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2016 May June Marina World

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The magazine for the marina industry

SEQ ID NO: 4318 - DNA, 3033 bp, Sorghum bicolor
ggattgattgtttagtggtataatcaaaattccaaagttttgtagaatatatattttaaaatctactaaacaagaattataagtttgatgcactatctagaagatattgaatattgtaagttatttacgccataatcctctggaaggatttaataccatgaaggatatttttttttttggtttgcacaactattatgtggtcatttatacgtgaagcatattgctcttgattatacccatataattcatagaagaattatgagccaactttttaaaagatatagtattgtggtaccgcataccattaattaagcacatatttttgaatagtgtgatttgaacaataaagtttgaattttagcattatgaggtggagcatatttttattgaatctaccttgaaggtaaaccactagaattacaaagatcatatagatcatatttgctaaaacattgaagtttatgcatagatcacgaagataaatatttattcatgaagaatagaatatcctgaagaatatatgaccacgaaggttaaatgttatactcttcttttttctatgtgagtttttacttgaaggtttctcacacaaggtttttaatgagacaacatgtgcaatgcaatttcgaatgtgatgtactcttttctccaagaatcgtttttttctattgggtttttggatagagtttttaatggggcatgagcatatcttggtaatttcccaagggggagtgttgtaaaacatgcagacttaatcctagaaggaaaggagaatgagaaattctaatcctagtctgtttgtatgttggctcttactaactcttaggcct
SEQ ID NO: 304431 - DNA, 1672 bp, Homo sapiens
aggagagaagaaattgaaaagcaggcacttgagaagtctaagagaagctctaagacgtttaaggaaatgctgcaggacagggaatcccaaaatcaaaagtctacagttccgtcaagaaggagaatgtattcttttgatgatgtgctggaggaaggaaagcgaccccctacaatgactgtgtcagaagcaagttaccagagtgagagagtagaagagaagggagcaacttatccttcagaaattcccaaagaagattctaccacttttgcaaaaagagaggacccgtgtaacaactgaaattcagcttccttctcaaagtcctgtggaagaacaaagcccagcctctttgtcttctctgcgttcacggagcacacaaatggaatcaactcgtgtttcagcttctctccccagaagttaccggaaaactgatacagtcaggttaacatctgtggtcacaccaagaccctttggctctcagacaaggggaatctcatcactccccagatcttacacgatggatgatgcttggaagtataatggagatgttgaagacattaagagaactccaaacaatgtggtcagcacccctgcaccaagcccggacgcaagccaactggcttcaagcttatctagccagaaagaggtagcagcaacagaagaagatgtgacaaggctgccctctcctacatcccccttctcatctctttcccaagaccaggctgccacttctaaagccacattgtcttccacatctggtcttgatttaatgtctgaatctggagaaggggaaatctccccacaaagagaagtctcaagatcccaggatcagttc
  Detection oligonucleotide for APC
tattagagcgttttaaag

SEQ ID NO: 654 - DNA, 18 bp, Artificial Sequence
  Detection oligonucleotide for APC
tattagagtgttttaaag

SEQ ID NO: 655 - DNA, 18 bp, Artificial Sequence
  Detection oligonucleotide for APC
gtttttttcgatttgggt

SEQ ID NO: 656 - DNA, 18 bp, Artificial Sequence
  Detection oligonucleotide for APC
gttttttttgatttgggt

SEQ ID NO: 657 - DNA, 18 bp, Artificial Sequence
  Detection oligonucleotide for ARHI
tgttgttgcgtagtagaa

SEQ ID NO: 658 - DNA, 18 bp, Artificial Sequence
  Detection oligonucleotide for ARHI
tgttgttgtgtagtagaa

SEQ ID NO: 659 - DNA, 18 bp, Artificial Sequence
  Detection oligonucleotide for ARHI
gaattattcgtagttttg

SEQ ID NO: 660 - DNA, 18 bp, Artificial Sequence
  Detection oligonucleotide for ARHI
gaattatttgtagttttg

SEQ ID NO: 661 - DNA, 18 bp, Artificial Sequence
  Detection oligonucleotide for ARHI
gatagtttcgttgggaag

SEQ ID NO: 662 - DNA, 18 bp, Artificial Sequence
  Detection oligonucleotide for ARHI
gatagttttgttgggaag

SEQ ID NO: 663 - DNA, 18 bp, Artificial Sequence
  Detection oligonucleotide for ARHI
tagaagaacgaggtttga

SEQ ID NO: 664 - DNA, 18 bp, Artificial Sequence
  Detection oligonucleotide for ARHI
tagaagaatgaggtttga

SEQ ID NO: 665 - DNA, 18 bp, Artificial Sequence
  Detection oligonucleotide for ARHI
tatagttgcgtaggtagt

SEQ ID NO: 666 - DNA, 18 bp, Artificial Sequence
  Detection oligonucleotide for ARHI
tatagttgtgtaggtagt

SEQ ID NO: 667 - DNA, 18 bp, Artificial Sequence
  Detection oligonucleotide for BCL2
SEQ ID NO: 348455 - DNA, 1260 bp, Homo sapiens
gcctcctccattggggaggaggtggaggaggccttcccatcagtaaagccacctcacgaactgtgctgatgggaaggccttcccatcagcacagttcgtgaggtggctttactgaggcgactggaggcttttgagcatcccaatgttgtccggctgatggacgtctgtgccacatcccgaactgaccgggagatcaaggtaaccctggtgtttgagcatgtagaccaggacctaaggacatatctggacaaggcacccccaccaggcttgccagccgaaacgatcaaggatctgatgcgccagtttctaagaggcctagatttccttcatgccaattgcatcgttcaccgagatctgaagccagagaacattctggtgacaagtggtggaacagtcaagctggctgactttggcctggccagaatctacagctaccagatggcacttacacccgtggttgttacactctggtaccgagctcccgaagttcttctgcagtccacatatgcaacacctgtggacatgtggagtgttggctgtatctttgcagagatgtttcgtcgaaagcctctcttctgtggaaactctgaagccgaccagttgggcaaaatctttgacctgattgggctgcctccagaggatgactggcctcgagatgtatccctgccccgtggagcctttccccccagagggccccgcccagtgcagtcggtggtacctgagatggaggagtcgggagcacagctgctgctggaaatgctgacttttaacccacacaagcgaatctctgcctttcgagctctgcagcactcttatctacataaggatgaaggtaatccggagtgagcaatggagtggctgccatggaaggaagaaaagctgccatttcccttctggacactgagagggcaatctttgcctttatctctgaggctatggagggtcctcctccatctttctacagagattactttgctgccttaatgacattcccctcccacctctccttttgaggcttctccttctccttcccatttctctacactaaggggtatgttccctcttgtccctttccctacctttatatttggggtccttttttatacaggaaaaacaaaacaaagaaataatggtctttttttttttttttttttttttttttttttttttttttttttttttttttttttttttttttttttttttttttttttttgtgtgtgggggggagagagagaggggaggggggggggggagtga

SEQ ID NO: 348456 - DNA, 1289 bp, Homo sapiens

SUPERYACHT FACILITIES Launching Anguilla on the superyacht circuit A new luxury marina on the island of Anguilla in the Lesser Antilles will offer new mooring opportunities for superyacht charters and other visitors. Development responds to a chronic need for new berths in the region and will put Anguilla on the cruising circuit for the first time. Jeffrey Boyd reports Neither the global recession nor the stock market slides nor the disappearance of personal wealth has put a serious dent in Caribbean charter and yacht traffic. The yachting industry, which has been exhibiting consistent growth over the past few years, is being fuelled by an increasing desire for more active leisure holidays by the affluent. In addition, there is a growing interest in short-break and multi-centre trips (i.e. trips that combine yachting and/or sailing with some other land and sea-based activity). The demand for active leisure vacations calls for a fleet of charter yachts - large private or ‘super luxury’ yachts in the size range of 79 to 230ft (24 to 70m) - that is growing in number and size. The 2015 Global Yacht Order Book indicates there are currently approximately 757 such yachts under construction worldwide. These are primarily over 100ft (30m) in length and will be added to the fleet of approximately 2,200 that are already in service worldwide. Expansion of the large luxury yacht fleet comes at a time when the berth count, support facilities and resorts located in the most popular destinations are unable to accommodate them. Facilities have not even come close to keeping pace. When cruising in the Leeward Islands region, the average megayacht charter will only be able to tie up and dock in either St Maarten or St Barts if a prior reservation has been A new marina at Altamer Resort will deliver much needed berths and prestigious waterfront property. made as during the peak season most, if not all, marinas are fully booked. Enter Anguilla The newest and most welcome response to the influx of large charter yachts is soon to be found in Anguilla. Anguilla is situated just to the north of St Martin and approximately 250 miles east of Puerto Rico and, although an island paradise, cannot currently offer dockage for any yachts. There are simply no marinas. As a result, yachts bypass the island completely or are forced to anchor off the beaches in an unsheltered cove for very short periods of a day or so. Visitors use dinghies to reach limited landing areas. The lack of facilities is a major inconvenience and has prevented the island from becoming a stopping point for charters and the luxury tourism they deliver. Dramatic change will arrive in the not too distant future when a new luxury five-star marina opens at Altamer Resort at Shoal Bay West. With capacity to host yachts up to 300ft (91m), Altamer will serve as the official port of entry to Anguilla and solve the island’s berthing problem by providing the highest calibre slips, support services and resort amenities. The resort will also be expanded and upland residential properties built. Jeffrey D Boyd As a yacht charter destination, Altamer will be able to service and provision yachts while offering marina guests the use of all the resort facilities including concierge services. Opening up the market While the marina is not envisaged as becoming the home port for a significant number of megayachts, the proximity of the site to the Caribbean cruising grounds and the general allure of Anguilla and the Altamer resort itself dictate that mooring space for megayachts be integrated into marina plans. These will command premium prices and create significant demand for resort services. Aside from this, large numbers of mid size cruising and fishing vessels typically of 30 to 60ft (9 to 18m) depart Puerto Rico for various destinations in the region (especially the Virgin Islands) during the summer months. Some of these could well find their way to Altamer, providing critical off-season revenue to the marina facility. There could be additional benefits when the residential aspect of the plan comes on line as, although the Caribbean has a healthy winter sailing trade and there are a number of highly rated superyacht marinas on islands that include Barbados, St Lucia and Antigua, few offer an integrated residential aspect. Focus on property Marina resorts also attract large numbers of people who don’t own boats but who want to live in a waterfront location. At Altamer Marina, residences overlooking the marina will have sought after views and the convenience of a central location adjacent to the restaurants, retail and nightlife. The views from seaside villas/ homes situated on the south facing peninsula with the marina basin to the rear and the open ocean to the front are literally ‘million dollar vistas’, which cannot be re-created. The Altamer Resort complex will include 740,000ft² (68,748m²) of upland space, which is currently earmarked for a 164-unit resort type community and a duty-free shopping and restaurant promenade. The project will be the first of its kind for the island. Jeffrey D Boyd is chairman and CEO of Marine Management & Consulting and Anaconda Holdings Ltd. 30 - May/June 2016

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